expertise and effort in the pursuit of common national goals. This national effort offers economies of scale
and a substantial reduction in duplication of curriculum development and support, for the benefit of
students in our schools.

The advent of a national curriculum also offers a unique opportunity to ensure that all young Australians
learn about the history and cultural background of the nation’s Aboriginal and Torres Strait Islander
peoples, of the contribution that has been made to Australia, and of the impact that colonial settlement
has had on Indigenous communities, past and present. For Aboriginal people and Torres Strait Islanders,
a national curriculum provides the opportunity to establish and pursue excellence within education settings
that respect and promote their cultural identity.

National collaboration in education in Australia is not new. The 1989 Hobart Declaration and the 1999
Adelaide Declaration both authorised and stimulated national effort. The 2008 National Declaration
on Educational Goals for Young Australians provides a framework for the Board’s development of a
national, K–12 curriculum in English, mathematics, the sciences and history, and later in geography and
languages.

Goals of education for young Australians

The Board’s work overall is guided by the National Declaration on Educational Goals for Young Australians,
adopted by ministers in December 2008. The National Declaration commits ‘to supporting all young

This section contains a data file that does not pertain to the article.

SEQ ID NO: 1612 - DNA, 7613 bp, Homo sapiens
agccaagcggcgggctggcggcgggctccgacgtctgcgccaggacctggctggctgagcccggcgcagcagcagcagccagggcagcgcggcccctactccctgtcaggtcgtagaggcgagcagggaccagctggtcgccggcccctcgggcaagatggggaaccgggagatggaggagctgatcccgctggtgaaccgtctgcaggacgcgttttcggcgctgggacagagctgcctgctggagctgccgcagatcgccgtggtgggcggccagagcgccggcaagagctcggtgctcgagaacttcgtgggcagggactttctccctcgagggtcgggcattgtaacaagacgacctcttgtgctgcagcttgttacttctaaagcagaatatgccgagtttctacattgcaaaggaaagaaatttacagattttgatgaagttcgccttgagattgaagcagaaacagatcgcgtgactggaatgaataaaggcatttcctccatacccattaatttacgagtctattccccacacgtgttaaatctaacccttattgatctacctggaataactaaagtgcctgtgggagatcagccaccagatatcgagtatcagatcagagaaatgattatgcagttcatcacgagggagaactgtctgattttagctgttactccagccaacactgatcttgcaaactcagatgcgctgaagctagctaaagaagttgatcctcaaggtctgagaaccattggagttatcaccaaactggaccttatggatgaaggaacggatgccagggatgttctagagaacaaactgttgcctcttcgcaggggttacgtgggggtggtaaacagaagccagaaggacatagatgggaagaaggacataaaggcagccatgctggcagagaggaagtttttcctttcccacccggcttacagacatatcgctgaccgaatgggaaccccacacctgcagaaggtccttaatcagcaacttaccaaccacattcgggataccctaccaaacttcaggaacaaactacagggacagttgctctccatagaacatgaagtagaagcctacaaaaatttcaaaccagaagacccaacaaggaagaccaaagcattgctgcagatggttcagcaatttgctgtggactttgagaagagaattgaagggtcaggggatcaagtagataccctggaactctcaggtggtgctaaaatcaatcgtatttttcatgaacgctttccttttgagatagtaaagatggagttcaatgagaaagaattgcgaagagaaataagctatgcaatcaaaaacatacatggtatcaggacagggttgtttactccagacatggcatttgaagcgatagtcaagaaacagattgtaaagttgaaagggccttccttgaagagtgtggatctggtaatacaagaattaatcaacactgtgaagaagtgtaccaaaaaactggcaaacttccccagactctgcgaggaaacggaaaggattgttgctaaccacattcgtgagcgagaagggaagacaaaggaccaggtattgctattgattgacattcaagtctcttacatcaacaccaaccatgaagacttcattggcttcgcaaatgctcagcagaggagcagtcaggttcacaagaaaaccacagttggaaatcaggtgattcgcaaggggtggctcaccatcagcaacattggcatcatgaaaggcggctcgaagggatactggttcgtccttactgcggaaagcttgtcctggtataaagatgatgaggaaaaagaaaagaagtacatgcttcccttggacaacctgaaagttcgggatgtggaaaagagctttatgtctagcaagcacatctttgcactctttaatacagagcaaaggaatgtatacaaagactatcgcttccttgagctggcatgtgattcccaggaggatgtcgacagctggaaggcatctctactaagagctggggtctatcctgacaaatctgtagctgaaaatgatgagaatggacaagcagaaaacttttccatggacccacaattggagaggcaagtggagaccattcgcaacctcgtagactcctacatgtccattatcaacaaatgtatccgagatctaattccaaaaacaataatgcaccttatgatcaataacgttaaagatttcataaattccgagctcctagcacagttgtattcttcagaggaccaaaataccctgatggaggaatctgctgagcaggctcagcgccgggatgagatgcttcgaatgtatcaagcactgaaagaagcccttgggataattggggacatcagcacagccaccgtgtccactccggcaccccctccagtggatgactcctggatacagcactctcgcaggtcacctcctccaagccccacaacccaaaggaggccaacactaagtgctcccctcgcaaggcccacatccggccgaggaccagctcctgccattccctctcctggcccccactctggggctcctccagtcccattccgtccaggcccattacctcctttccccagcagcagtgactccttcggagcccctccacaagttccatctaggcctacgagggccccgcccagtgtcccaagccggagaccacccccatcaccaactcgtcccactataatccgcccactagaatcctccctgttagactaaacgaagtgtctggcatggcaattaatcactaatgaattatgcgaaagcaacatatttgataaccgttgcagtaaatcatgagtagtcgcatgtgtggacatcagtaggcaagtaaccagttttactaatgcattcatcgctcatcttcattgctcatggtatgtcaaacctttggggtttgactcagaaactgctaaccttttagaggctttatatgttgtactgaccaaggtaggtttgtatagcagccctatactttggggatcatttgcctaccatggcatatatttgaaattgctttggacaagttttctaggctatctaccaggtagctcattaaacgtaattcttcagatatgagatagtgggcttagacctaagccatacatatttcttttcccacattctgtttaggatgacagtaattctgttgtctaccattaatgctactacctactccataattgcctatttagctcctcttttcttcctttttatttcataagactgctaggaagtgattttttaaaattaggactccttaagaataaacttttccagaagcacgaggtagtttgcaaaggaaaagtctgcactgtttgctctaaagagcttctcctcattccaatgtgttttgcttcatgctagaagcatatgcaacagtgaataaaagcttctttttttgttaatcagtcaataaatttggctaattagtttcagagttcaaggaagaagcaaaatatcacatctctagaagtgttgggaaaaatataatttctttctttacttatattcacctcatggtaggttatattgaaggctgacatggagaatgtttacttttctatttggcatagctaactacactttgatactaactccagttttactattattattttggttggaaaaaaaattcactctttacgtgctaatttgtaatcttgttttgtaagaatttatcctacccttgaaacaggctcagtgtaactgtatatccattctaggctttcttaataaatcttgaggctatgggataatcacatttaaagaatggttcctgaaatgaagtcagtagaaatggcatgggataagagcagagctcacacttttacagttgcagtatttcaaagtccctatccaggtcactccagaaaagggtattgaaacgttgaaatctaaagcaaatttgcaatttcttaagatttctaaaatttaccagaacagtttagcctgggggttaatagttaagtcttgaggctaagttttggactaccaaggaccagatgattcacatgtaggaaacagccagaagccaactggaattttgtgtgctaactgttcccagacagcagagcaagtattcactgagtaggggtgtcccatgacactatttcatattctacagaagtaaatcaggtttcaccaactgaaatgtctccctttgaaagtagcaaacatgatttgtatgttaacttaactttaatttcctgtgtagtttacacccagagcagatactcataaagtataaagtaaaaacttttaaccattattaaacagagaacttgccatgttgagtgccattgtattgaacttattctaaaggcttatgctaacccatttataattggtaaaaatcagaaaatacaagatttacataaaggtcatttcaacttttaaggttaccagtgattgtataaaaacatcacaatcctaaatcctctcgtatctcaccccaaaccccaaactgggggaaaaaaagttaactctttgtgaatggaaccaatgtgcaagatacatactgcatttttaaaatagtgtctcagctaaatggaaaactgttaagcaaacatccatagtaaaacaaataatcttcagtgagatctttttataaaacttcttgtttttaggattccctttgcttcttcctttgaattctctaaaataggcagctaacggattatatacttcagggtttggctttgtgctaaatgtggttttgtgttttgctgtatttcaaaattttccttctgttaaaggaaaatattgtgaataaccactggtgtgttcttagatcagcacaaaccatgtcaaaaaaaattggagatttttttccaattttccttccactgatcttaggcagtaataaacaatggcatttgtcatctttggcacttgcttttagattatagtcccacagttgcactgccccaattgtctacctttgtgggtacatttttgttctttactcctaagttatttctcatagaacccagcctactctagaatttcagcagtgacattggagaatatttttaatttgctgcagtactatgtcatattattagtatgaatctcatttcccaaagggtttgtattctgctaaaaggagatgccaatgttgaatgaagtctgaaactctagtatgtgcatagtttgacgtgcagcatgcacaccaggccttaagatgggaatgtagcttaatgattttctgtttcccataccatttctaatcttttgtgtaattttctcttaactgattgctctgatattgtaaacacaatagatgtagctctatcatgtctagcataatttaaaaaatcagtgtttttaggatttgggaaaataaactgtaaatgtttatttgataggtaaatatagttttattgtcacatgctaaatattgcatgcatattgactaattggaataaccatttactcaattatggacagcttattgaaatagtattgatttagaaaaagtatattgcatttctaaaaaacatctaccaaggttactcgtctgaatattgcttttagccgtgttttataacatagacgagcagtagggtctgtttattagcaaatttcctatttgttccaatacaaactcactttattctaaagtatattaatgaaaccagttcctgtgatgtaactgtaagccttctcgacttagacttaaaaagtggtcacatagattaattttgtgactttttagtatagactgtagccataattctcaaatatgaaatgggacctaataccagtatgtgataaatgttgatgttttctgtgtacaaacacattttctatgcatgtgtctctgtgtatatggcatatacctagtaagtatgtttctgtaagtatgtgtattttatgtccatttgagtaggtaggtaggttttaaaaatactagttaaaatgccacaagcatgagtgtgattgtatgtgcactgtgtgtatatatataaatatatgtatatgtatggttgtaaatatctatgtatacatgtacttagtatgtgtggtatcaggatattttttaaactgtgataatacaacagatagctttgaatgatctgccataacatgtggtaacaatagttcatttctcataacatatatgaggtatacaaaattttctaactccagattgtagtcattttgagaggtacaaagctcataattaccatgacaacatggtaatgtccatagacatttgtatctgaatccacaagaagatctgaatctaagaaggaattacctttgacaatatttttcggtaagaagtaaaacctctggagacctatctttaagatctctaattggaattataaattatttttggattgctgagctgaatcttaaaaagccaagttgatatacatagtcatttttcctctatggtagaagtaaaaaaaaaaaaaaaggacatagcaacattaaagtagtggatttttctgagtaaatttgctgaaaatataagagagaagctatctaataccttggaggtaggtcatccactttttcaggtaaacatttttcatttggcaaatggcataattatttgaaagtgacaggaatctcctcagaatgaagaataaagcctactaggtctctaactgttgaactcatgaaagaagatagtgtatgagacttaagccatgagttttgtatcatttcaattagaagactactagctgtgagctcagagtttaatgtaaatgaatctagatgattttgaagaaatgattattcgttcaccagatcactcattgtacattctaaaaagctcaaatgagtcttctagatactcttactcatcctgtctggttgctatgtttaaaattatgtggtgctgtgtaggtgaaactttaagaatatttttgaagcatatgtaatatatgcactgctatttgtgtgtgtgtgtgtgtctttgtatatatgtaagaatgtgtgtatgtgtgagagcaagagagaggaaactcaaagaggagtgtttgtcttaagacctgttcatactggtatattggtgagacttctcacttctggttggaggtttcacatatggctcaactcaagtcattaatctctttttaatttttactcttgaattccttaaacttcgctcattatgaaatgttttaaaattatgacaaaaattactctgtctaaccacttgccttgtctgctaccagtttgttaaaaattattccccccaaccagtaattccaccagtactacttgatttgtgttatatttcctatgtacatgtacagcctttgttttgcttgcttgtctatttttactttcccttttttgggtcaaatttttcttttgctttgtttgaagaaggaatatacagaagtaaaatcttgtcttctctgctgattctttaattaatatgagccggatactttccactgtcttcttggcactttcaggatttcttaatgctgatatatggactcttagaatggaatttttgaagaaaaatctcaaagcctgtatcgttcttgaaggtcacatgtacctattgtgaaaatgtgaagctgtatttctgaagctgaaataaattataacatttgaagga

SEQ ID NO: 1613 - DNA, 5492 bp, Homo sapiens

Australians to become successful learners, confident and creative individuals, and active and informed
citizens’ (see Box 2) and to promoting equity and excellence in education.

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Box 2: Educational goals for young Australians

Successful learners…
• develop their capacity to learn and play an active role in their own learning
• have the essential skills in literacy and numeracy and are creative and productive users of
technology, especially ICT, as a foundation for success in all learning areas
• are able to think deeply and logically, and obtain and evaluate evidence in a disciplined way
as the result of studying fundamental disciplines
• are creative, innovative and resourceful, and are able to solve problems in ways that draw upon
a range of learning areas and disciplines
• are able to plan activities independently, collaborate, work in teams and communicate ideas
• are able to make sense of their world and think about how things have become the way they
are
• are on a pathway towards continued success in further education, training or employment, and
acquire the skills to make informed learning and employment decisions throughout their lives
• are motivated to reach their full potential.

Confident individuals…
• have a sense of self-worth, self-awareness and personal identity that enables them to manage
their emotional, mental, spiritual and physical wellbeing
• have a sense of optimism about their lives and the future — are enterprising, show initiative and